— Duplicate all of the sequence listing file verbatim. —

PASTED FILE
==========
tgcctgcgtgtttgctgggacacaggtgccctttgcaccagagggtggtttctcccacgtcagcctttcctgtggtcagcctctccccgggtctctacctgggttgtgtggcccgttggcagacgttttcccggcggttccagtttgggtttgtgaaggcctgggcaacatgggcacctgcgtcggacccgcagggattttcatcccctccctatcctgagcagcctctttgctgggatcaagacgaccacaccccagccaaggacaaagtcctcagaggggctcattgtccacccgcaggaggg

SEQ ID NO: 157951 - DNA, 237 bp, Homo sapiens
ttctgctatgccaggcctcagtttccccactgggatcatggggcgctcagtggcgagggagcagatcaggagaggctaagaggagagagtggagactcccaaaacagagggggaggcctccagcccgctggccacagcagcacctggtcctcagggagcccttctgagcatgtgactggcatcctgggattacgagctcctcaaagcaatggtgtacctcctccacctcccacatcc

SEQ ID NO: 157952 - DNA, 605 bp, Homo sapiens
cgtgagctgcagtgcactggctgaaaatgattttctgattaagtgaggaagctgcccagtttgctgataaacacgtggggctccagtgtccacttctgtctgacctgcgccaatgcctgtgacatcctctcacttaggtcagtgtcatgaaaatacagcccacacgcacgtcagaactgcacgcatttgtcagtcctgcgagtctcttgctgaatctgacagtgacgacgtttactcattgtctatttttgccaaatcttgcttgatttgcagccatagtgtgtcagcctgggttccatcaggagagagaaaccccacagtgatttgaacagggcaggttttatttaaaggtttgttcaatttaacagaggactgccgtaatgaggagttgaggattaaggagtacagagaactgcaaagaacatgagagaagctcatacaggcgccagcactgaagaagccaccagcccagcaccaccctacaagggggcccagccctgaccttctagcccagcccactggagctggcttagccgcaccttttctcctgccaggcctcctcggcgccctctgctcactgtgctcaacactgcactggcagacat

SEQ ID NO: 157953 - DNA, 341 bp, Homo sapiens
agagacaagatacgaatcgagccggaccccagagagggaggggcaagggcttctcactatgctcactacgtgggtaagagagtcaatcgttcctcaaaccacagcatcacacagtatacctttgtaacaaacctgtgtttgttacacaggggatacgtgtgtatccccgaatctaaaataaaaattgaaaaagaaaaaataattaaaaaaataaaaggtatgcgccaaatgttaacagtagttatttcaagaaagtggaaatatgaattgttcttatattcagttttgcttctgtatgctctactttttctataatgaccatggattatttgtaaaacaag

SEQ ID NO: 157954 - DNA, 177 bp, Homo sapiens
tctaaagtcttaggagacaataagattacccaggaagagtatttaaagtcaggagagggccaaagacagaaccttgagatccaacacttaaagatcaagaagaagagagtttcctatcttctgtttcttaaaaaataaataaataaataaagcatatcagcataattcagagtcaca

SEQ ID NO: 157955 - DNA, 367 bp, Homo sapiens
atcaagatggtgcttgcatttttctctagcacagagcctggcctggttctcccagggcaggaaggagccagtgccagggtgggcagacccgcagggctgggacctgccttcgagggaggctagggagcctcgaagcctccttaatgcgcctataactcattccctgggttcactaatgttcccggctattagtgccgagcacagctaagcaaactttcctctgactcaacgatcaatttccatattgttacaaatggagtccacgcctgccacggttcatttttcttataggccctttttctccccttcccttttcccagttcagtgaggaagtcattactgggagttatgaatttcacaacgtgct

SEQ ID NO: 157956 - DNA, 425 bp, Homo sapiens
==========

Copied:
tgcctgcgtgtttgctgggacacaggtgccctttgcaccagagggtggtttctcccacgtcagcctttcctgtggtcagcctctccccgggtctctacctgggttgtgtggcccgttggcagacgttttcccggcggttccagtttgggtttgtgaaggcctgggcaacatgggcacctgcgtcggacccgcagggattttcatcccctccctatcctgagcagcctctttgctgggatcaagacgaccacaccccagccaaggacaaagtcctcagaggggctcattgtccacccgcaggaggg

SEQ ID NO: 157951 - DNA, 237 bp, Homo sapiens
ttctgctatgccaggcctcagtttccccactgggatcatggggcgctcagtggcgagggagcagatcaggagaggctaagaggagagagtggagactcccaaaacagagggggaggcctccagcccgctggccacagcagcacctggtcctcagggagcccttctgagcatgtgactggcatcctgggattacgagctcctcaaagcaatggtgtacctcctccacctcccacatcc

SEQ ID NO: 157952 - DNA, 605 bp, Homo sapiens
cgtgagctgcagtgcactggctgaaaatgattttctgattaagtgaggaagctgcccagtttgctgataaacacgtggggctccagtgtccacttctgtctgacctgcgccaatgcctgtgacatcctctcacttaggtcagtgtcatgaaaatacagcccacacgcacgtcagaactgcacgcatttgtcagtcctgcgagtctcttgctgaatctgacagtgacgacgtttactcattgtctatttttgccaaatcttgcttgatttgcagccatagtgtgtcagcctgggttccatcaggagagagaaaccccacagtgatttgaacagggcaggttttatttaaaggtttgttcaatttaacagaggactgccgtaatgaggagttgaggattaaggagtacagagaactgcaaagaacatgagagaagctcatacaggcgccagcactgaagaagccaccagcccagcaccaccctacaagggggcccagccctgaccttctagcccagcccactggagctggcttagccgcaccttttctcctgccaggcctcctcggcgccctctgctcactgtgctcaacactgcactggcagacat

SEQ ID NO: 157953 - DNA, 341 bp, Homo sapiens
agagacaagatacgaatcgagccggaccccagagagggaggggcaagggcttctcactatgctcactacgtgggtaagagagtcaatcgttcctcaaaccacagcatcacacagtatacctttgtaacaaacctgtgtttgttacacaggggatacgtgtgtatccccgaatctaaaataaaaattgaaaaagaaaaaataattaaaaaaataaaaggtatgcgccaaatgttaacagtagttatttcaagaaagtggaaatatgaattgttcttatattcagttttgcttctgtatgctctactttttctataatgaccatggattatttgtaaaacaag

SEQ ID NO: 157954 - DNA, 177 bp, Homo sapiens
tctaaagtcttaggagacaataagattacccaggaagagtatttaaagtcaggagagggccaaagacagaaccttgagatccaacacttaaagatcaagaagaagagagtttcctatcttctgtttcttaaaaaataaataaataaataaagcatatcagcataattcagagtcaca

SEQ ID NO: 157955 - DNA, 367 bp, Homo sapiens
atcaagatggtgcttgcatttttctctagcacagagcctggcctggttctcccagggcaggaaggagccagtgccagggtgggcagacccgcagggctgggacctgccttcgagggaggctagggagcctcgaagcctccttaatgcgcctataactcattccctgggttcactaatgttcccggctattagtgccgagcacagctaagcaaactttcctctgactcaacgatcaatttccatattgttacaaatggagtccacgcctgccacggttcatttttcttataggccctttttctccccttcccttttcccagttcagtgaggaagtcattactgggagttatgaatttcacaacgtgct

SEQ ID NO: 157956 - DNA, 425 bp, Homo sapiens